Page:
Yesterday’s Supreme Court decision upholding the 2003 federal partial-birth abortion ban was welcome news for pro-lifers. As luck would have it, the Gonzales v. Carhart ruling also gives them a useful framework for thinking about their dilemma in the next presidential election.
Pro-life activists have yet to coalesce around a candidate for the 2008 Republican nomination. While all the top-tier aspirants have their flaws, the frontrunner, former New York Mayor Rudolph Giuliani, remains unapologetically pro-choice. In the recent past, he has even opposed a partial-birth abortion ban virtually identical to the legislation the Supreme Court just upheld.
Many pro-lifers had hoped to arrive at an understanding with Giuliani. Even if he was unwilling to completely change his position on abortion, like George H.W. Bush and Mitt Romney, perhaps he could still move to the right on the issue. Accordingly, Giuliani reversed himself on partial-birth abortion and federal funding. He issued a terse statement approving of Gonzales v. Carhart, calling it “the correct conclusion” and saying “I agree with it.” And Giuliani has pledged to appoint originalist judges like John Roberts and Samuel Alito, two George W. Bush picks who voted with the majority.
Yet in recent weeks, pro-life descriptions of Giuliani have gone from dealmaker to deal-breaker. Socially conservative syndicated columnist Maggie Gallagher went from considering Rudy to opposing him. His anti-abortion rivals have been gaining in a few recent polls.
Two controversies appear to have caused pro-life second thoughts. First were the comments in which Giuliani seemed to reaffirm his support for taxpayer funding of abortion. Then the Des Moines Register quoted him as saying, “Our party has to get beyond issues like that.” “That” being abortion.
The Giuliani camp later clarified both points. On taxpayer funding, he vowed to uphold the Hyde Amendment. The campaign also pointed out that, in context, Giuliani’s “issues like that” comment was merely big-tent boilerplate in response to a question from someone worried about abortion dividing the party. But both defenses are less convincing on examination.
Giuliani merely said he would obey the law concerning federal financing of abortion. But what if a Democratic Congress tries to repeal the Hyde Amendment or expand its exceptions beyond rape, incest, and when the mother’s life is at stake? And his Des Moines comments do seem to betray a certain mindset about the pro-lifers’ role in the Republican Party. The unabridged remarks suggest that, at the very least, the GOP’s platform position on abortion is negotiable in a way that its stances on taxes and terrorism are not.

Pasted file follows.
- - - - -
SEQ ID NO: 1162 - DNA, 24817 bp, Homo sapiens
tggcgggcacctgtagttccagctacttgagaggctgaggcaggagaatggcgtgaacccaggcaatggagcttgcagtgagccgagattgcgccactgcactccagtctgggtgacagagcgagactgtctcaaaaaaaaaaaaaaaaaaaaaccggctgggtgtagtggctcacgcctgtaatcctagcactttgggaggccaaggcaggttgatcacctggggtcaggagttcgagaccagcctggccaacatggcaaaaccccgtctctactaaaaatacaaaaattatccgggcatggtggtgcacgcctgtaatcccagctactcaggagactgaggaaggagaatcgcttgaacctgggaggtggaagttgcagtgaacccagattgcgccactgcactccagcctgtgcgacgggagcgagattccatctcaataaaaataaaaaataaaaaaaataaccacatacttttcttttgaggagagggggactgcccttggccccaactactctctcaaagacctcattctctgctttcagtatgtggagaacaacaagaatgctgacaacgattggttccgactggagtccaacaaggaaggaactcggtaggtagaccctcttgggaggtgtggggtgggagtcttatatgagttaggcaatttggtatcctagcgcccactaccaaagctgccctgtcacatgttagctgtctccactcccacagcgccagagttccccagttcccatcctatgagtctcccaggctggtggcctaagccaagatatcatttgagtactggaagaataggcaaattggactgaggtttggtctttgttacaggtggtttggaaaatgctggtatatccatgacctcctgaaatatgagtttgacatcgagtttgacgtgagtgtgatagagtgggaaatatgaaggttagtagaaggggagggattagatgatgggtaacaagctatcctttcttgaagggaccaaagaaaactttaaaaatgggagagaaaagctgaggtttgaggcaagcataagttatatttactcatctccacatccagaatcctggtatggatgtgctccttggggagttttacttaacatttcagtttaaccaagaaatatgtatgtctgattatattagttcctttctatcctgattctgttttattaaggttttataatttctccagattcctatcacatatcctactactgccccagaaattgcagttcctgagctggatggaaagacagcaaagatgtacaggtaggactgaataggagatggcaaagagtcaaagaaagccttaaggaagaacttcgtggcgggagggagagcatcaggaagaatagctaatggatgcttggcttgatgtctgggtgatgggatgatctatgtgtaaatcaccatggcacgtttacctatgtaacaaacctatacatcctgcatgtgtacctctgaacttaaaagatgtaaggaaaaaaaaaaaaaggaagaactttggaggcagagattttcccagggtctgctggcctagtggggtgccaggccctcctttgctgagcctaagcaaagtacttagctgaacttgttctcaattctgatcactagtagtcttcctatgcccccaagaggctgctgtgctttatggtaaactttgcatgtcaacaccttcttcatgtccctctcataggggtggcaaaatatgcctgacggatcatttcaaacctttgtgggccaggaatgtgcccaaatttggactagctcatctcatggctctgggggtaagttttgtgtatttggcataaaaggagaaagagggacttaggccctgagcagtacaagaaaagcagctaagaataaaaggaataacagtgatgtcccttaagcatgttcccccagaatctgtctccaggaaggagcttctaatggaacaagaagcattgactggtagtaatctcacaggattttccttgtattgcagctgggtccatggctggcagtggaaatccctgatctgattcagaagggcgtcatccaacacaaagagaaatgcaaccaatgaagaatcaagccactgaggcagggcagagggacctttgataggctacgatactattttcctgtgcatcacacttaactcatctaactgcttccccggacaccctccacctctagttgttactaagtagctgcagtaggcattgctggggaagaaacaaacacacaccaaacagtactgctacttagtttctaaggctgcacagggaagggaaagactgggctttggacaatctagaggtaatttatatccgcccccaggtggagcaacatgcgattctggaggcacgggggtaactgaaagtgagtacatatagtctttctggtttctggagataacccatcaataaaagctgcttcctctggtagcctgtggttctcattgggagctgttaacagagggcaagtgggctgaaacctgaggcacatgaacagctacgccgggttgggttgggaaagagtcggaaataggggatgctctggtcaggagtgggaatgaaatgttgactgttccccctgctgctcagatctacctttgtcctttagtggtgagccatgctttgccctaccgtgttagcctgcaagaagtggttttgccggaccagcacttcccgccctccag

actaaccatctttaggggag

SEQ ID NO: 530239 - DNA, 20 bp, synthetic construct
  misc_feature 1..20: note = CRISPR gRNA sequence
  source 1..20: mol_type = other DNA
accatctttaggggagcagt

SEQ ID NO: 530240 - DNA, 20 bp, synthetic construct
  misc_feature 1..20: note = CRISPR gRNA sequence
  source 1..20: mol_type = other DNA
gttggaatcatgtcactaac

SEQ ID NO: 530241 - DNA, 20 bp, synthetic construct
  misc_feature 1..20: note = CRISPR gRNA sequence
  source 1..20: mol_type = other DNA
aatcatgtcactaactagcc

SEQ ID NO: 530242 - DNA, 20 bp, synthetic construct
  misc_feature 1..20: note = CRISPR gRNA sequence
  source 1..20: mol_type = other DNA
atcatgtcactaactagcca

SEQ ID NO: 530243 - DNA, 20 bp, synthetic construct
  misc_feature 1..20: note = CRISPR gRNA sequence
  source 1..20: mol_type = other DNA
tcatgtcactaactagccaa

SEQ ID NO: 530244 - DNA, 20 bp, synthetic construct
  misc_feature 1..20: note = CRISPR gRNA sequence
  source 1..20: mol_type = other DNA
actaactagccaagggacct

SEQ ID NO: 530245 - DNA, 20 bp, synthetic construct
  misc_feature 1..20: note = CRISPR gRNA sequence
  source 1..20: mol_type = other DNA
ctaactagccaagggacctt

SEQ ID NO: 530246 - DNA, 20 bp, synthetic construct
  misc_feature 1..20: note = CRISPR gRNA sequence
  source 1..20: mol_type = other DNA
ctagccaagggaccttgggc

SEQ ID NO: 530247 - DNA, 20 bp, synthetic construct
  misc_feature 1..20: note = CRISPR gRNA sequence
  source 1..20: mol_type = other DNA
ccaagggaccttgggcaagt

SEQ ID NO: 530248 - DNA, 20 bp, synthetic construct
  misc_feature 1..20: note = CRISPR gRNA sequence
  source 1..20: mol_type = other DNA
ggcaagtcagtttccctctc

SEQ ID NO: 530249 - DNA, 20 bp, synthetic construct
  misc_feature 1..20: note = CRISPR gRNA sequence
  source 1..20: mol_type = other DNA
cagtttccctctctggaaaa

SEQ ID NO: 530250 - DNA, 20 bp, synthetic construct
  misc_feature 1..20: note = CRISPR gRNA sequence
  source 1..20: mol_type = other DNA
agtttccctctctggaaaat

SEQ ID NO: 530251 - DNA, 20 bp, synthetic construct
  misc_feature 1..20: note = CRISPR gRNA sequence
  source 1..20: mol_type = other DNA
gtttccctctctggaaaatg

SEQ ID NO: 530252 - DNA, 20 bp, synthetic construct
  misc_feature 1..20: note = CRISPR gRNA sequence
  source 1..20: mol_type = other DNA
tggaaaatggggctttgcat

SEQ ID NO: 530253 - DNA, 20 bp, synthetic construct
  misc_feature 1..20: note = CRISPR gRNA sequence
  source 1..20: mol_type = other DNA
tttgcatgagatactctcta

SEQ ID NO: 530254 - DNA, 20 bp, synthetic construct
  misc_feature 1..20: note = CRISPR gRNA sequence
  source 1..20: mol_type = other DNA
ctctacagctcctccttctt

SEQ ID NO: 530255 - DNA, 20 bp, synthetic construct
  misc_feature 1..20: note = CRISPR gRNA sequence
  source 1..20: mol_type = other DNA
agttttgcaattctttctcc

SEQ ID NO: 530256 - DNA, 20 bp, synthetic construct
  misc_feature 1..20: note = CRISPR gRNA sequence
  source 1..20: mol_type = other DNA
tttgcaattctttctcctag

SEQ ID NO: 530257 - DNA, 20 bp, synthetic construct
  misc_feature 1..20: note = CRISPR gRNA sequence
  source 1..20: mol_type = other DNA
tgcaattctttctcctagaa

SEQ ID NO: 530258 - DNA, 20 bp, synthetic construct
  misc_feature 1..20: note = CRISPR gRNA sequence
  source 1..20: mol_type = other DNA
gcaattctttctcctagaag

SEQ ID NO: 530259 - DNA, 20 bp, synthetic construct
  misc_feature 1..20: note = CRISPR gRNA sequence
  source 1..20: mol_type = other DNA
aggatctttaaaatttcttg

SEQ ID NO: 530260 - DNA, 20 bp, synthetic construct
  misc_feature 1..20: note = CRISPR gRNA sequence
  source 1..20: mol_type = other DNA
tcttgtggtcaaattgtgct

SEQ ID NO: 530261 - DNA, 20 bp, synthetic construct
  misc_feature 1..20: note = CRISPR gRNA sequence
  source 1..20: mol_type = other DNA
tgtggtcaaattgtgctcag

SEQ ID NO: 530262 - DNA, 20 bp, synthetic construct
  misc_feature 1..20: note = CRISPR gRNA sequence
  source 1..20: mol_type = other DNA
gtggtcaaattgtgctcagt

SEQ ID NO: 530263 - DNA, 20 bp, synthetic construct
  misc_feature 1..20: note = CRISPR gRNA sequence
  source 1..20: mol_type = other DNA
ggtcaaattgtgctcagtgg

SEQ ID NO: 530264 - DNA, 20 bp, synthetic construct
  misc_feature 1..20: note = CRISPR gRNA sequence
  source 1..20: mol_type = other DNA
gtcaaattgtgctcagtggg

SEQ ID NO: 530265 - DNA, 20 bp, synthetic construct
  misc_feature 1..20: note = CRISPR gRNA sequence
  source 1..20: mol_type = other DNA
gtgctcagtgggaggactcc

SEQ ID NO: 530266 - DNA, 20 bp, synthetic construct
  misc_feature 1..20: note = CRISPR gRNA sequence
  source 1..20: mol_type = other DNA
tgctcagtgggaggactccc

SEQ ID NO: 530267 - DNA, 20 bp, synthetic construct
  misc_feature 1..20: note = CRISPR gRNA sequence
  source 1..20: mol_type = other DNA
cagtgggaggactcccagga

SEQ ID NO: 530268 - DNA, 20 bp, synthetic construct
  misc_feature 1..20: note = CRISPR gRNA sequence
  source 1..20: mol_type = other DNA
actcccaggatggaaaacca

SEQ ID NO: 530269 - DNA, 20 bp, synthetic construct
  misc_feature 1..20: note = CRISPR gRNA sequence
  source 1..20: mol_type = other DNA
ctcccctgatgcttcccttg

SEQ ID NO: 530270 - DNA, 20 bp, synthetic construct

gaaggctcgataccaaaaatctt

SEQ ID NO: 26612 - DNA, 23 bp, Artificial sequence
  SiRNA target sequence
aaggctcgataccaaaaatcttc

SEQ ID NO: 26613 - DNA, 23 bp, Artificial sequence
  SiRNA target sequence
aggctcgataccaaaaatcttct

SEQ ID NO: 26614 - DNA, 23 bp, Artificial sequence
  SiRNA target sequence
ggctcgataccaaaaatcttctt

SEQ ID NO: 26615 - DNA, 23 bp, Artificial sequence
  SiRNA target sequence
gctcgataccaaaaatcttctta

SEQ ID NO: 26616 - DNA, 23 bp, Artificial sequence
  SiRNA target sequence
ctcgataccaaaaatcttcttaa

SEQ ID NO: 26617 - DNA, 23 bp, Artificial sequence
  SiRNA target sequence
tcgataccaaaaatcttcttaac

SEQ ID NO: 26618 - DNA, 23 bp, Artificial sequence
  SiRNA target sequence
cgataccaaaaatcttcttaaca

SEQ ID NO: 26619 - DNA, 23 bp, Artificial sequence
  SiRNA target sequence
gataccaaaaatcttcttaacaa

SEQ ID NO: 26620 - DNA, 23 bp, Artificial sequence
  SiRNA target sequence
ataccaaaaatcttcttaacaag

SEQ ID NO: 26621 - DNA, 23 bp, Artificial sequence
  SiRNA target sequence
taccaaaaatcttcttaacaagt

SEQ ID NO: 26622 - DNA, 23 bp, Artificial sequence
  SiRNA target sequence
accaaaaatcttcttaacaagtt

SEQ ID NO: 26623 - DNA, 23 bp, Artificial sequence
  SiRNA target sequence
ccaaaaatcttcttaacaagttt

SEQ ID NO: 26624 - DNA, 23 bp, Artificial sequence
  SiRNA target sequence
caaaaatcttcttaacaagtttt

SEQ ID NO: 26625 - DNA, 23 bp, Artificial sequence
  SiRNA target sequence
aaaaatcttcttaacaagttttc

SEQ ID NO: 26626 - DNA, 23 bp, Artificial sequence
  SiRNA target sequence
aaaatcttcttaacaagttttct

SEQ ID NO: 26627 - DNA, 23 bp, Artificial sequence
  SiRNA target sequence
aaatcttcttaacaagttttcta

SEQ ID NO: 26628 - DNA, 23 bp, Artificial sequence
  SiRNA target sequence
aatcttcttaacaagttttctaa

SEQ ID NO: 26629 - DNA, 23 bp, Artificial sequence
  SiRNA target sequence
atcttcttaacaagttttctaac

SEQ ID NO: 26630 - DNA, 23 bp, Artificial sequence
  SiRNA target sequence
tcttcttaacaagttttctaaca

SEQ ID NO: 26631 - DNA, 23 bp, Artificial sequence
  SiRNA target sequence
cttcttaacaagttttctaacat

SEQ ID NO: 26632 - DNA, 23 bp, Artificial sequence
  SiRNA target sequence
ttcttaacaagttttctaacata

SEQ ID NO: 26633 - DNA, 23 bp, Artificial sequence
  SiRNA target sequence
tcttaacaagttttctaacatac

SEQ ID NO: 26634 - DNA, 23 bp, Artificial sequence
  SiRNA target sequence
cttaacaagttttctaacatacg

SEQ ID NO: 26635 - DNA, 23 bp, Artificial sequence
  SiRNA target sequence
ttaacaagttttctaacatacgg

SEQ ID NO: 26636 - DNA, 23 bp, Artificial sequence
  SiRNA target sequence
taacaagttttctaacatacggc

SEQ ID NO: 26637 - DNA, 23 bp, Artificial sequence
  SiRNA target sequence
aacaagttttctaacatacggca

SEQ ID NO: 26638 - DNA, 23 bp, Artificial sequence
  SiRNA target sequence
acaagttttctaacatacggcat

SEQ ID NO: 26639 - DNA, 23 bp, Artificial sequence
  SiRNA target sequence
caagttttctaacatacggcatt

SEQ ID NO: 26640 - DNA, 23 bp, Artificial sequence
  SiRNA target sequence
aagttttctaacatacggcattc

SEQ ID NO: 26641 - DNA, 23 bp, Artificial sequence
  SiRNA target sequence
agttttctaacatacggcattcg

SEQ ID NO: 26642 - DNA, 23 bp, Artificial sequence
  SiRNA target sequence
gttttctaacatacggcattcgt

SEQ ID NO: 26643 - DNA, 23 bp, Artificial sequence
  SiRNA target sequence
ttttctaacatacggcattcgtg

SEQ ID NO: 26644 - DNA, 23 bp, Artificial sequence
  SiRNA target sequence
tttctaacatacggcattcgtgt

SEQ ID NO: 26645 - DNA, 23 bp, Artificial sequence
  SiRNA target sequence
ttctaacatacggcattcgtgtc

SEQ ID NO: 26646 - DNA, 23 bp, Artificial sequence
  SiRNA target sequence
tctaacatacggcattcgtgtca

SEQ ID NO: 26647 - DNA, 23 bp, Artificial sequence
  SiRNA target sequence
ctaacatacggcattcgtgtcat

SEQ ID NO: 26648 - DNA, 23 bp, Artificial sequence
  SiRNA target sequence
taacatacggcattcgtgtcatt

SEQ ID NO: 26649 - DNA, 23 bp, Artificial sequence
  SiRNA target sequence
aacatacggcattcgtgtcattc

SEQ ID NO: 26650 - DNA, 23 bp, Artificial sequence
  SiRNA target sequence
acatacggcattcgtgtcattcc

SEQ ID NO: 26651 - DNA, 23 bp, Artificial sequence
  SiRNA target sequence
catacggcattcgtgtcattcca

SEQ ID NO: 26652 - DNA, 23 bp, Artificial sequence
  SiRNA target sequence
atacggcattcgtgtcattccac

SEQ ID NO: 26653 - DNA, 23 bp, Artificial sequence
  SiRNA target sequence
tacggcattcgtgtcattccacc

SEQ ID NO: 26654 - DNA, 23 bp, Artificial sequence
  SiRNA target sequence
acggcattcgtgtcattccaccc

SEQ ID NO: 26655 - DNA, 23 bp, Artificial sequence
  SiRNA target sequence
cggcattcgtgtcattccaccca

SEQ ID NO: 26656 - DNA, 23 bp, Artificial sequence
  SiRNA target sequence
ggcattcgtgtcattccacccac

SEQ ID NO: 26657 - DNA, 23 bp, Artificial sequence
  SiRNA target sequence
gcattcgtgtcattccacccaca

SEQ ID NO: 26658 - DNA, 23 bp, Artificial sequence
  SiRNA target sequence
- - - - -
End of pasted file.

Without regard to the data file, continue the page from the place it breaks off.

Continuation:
Despite the calls to leave litmus tests behind, pro-life Rudy reluctance is justified. If nominated, Giuliani would be the most pro-choice Republican presidential candidate in history. Even Gerald Ford, an archetypal Republican for choice, backed a constitutional amendment overturning Roe v. Wade during the 1976 campaign. Barry Goldwater, who was nominated before abortion became a national issue and outspokenly pro-choice in retirement, backed the human life amendment in his final Senate race.
Giuliani has feted NARAL and Planned Parenthood. He has praised Margaret Sanger and repeatedly accused mainstream pro-lifers of wanting to put pregnant women in jail. His concessions to date have been minor and offered without enthusiasm.
Abortion opponents can ill afford to give up their leverage in the GOP. Their position has little support among the cultural elite; many in the Republican establishment would like nothing better than to “get beyond issues like that.” If pro-lifers support Giuliani because he “hates” abortion, it will be difficult for them to criticize “personally opposed” Democrats like John Kerry in the future. Their campaign to get bishops to withhold communion from pro-choice Catholic Democrats will seem partisan and hypocritical. And the whole movement may be seen as less serious and less influential.
Nor will mealy-mouthed promises about judges do. In the same interview where he talked about taxpayer-funded abortion, Giuliani allowed that upholding Roe on stare decisis grounds was compatible with originalism. Indeed, Republicans held Supreme Court majorities when Roe was handed down, when it was reaffirmed in Planned Parenthood v. Casey, and when it was expanded to cover partial-birth abortion in 2000’s Stenberg v. Carhart.
Gonzales v. Carhart applied Roe and Casey as precedent. It stopped short of reversing Stenberg. Clarence Thomas’s concurring opinion rejecting the Court’s abortion jurisprudence was joined by Antonin Scalia but not Roberts or Alito — who, like majority opinion author Anthony Kennedy, were appointed by a pro-life president.
But Gonzales opens up room for Giuliani to make a meaningful deal with pro-lifers if he is so inclined. Like Casey, it will expand the number of permissible state abortion restrictions without toppling Roe. Giuliani could agree to disagree with pro-lifers about what abortion policy should ultimately look like while backing their efforts to increase legal protection for the unborn in accordance with the latest ruling.
That means Giuliani should put teeth in his support for the Hyde Amendment by pledging to veto any attempts to weaken it. He should continue to oppose partial-birth abortion and favor additional state restrictions, to the point of having his Justice Department defend the latter in federal courts. He must stop misrepresenting pro-life views and stop pretending Roe is good constitutional law.
In short, he must become operationally pro-life to deserve pro-life support. Happily, all this requires is that Giuliani be sincere in his current overtures.
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